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The Wall Street Journal reported today that Iran attacked the control system of a  flood dam outside of New York City back in 2013.  It is important to understand that there is a strategic lesson here that should shape the way the Iranian threat and the vulnerabilities of our society to critical infrastructure are understood.

  1. Cyber is only one component of a warfare strategy and public safety is the target: Why target a flood control damn with a cyber attack?  To test and develop a capability to achieve conventional warfare capabilities through cyber attacks.  This fits into a pattern and ongoing efforts to develop an asymmetric capability en lieu of a conventional one.  The stated warfare doctrine of Iran is to destroy American society.  In warfare doctrine a menu of attack options and an ability to coordinate them is desirable. It has been known for some time that Iran has a capability to target critical U.S. infrastructure and has succeeded in infiltrating control systems for U.S. infrastructure.
  2. Cyber threats can have real world consequences: Stop thinking of identity theft and economic warfare as something that will always be separate from kinetic warfare.  North Korea has already attempted to destroy hydroelectric plants in South Korea through cyber attacks.  These are not future threats.  NSA head Adm. Mike Rogers testified in 2014 that he believes that China already has the capability to shut down the U.S. electrical grid with cyber attacks.  You can debate whether the Chinese want such a strategic capability only to increase their stature in the world the way the U.S. once employed its nuclear, naval, and air force power projection.  A study of the more ambitious intentions of Chinese military leaders makes that debatable.  There are hostile actors now who are trying to achieve these capabilities who want to use them now.  They include, Iran, North Korea and ISIS.  They want to destroy facilities that effect public safety which include electrical power supply, water treatment and management, systems, emergency response assets, hospitals, transportation, etc.  The list goes on and hostile actors understand that all of our critical infrastructures have cyber vulnerabilities because they are overly reliant on the internet to manage them.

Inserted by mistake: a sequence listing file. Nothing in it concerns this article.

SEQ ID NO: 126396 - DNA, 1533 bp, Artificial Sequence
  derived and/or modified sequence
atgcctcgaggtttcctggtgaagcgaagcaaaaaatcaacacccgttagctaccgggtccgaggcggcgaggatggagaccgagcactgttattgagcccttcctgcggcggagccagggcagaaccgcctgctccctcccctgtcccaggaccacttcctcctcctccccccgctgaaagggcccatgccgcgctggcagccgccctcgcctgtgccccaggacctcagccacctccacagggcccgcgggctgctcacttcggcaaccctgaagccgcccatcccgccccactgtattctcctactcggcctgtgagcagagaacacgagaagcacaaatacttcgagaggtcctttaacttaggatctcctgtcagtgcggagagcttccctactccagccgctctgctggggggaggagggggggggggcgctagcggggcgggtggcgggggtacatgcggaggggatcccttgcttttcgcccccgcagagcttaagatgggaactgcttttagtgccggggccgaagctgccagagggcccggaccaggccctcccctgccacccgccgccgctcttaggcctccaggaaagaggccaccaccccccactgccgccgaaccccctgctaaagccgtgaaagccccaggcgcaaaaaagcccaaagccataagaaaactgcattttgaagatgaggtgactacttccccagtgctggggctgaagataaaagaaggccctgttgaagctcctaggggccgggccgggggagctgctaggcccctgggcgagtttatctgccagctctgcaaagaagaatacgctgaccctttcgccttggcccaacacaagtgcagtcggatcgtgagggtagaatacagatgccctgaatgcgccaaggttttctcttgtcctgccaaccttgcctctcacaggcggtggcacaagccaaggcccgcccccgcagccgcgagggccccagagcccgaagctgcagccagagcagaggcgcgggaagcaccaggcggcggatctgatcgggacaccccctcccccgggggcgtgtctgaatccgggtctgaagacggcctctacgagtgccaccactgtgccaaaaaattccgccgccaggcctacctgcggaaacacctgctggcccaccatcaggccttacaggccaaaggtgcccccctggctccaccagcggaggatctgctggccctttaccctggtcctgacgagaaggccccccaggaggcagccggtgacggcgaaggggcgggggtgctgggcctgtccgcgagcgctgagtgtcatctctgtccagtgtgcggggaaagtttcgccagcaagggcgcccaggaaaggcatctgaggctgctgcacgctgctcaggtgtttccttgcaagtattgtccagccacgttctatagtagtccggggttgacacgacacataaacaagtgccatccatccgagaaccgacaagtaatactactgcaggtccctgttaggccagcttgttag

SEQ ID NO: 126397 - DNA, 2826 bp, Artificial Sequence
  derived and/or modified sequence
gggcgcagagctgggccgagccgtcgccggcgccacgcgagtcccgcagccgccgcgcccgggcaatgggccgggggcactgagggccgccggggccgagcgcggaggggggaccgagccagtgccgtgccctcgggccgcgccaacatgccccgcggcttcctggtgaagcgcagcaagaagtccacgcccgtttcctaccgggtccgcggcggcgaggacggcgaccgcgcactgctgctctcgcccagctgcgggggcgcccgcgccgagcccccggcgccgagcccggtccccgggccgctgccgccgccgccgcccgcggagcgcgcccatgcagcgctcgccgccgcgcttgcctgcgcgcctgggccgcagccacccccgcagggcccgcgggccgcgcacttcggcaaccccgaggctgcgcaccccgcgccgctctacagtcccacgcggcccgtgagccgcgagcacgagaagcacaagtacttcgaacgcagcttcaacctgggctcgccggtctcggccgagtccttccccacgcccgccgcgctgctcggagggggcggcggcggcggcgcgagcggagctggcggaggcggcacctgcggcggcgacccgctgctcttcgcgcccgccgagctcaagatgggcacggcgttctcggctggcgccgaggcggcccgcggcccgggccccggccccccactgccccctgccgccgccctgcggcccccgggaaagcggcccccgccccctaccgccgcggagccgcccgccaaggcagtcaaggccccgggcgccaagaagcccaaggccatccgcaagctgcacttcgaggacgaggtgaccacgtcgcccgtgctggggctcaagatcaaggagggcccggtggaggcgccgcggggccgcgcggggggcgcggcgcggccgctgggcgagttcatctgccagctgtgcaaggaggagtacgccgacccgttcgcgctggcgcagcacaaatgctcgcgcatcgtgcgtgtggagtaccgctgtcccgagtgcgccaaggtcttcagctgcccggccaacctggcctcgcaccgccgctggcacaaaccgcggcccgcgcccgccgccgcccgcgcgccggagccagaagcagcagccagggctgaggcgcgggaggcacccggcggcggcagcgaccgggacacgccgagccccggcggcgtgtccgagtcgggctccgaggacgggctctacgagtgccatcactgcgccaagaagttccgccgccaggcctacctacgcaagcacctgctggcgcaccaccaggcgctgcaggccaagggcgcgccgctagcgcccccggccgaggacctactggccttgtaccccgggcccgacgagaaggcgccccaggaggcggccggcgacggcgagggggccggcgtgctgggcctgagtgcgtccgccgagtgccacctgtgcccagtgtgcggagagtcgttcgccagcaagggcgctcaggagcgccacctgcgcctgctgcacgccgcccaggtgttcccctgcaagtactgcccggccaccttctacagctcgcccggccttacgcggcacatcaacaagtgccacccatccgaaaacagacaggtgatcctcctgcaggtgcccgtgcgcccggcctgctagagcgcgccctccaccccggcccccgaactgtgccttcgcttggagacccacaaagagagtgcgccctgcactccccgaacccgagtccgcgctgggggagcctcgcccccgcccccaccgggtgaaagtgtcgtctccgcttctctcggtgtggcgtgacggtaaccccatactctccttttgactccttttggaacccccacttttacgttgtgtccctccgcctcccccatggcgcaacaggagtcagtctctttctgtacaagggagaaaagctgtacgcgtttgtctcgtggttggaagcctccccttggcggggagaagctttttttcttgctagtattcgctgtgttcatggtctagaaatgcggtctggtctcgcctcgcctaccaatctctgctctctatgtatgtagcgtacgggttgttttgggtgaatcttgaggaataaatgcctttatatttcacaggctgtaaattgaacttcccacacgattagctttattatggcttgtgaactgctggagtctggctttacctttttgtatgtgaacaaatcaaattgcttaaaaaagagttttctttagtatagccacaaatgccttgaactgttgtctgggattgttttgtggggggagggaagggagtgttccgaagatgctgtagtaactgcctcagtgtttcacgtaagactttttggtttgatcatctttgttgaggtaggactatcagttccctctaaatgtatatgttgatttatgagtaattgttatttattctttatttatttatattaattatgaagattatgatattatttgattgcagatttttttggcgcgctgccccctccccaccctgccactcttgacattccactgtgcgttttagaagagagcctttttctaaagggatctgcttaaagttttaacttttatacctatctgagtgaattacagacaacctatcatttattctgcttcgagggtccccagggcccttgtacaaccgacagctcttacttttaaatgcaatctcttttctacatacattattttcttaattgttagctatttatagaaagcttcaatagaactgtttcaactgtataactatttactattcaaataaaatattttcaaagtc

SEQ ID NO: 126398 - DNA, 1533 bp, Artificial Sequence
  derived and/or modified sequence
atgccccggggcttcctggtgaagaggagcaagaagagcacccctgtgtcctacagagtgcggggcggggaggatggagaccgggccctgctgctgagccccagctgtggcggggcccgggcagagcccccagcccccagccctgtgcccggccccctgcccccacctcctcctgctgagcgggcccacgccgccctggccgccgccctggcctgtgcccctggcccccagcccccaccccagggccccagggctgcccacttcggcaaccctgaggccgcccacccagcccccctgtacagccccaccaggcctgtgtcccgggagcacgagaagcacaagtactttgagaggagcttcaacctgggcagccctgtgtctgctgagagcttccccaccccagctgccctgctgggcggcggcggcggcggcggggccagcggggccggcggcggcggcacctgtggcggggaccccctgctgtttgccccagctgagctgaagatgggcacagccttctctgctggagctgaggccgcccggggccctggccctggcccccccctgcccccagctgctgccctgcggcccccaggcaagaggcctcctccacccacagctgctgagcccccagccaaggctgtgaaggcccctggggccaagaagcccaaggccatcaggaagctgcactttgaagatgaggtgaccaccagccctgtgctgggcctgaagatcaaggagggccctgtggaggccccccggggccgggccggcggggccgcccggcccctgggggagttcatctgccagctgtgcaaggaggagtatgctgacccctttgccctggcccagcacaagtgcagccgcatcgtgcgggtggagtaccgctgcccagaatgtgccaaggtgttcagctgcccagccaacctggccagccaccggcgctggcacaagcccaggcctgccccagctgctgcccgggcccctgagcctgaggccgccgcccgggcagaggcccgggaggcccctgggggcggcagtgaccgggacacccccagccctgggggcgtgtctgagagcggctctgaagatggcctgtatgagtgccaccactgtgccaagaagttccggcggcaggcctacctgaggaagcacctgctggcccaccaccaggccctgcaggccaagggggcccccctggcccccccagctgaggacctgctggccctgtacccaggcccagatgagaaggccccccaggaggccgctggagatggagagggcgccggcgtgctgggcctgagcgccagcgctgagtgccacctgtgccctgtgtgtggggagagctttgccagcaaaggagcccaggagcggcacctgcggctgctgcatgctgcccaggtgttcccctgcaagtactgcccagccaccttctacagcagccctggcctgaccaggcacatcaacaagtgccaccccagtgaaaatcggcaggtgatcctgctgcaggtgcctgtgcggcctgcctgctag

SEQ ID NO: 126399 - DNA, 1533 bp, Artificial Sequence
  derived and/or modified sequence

3. It is not just one threat: Don’t think of the cyber threat to infrastructure in isolation.  In early December 2015 both Dr. George Baker, professor emeritus of James Madison University and former CIA analyst Peter Pry were guests at the Dupont Summit, an infrastructure security event.  In a panel on next steps for protecting critical infrastructure from major catastrophic events they both had similar criticisms.  Dr. Baker, whose career at the Defense Threat Reduction Agency is somewhat legendary, concluded that the current piecemeal approach which treats cyber threats from nation states in isolation from physical attacks, nuclear strategy, asymmetric electromagnetic weaponry, and terrorism will never achieve practical mitigations in a timely manner that addresses the current threat environment.  Dr. Pry’s briefing detailed how hostile actors do not isolate cyber attacks from unattributed asymmetric attacks which could be coordinated between terrorist and nation states.  With examples from what is known about the warfare doctrines of Russia, Iran,  Al Qaeda, ISIS, and North Korea, Dr. Pry demonstrated that when we see things like Iran carrying out cyber attacks on a dam in New York, we are looking at a small component of complex strategic threat that targets the U.S. where it is weakest: its critical infrastructures.

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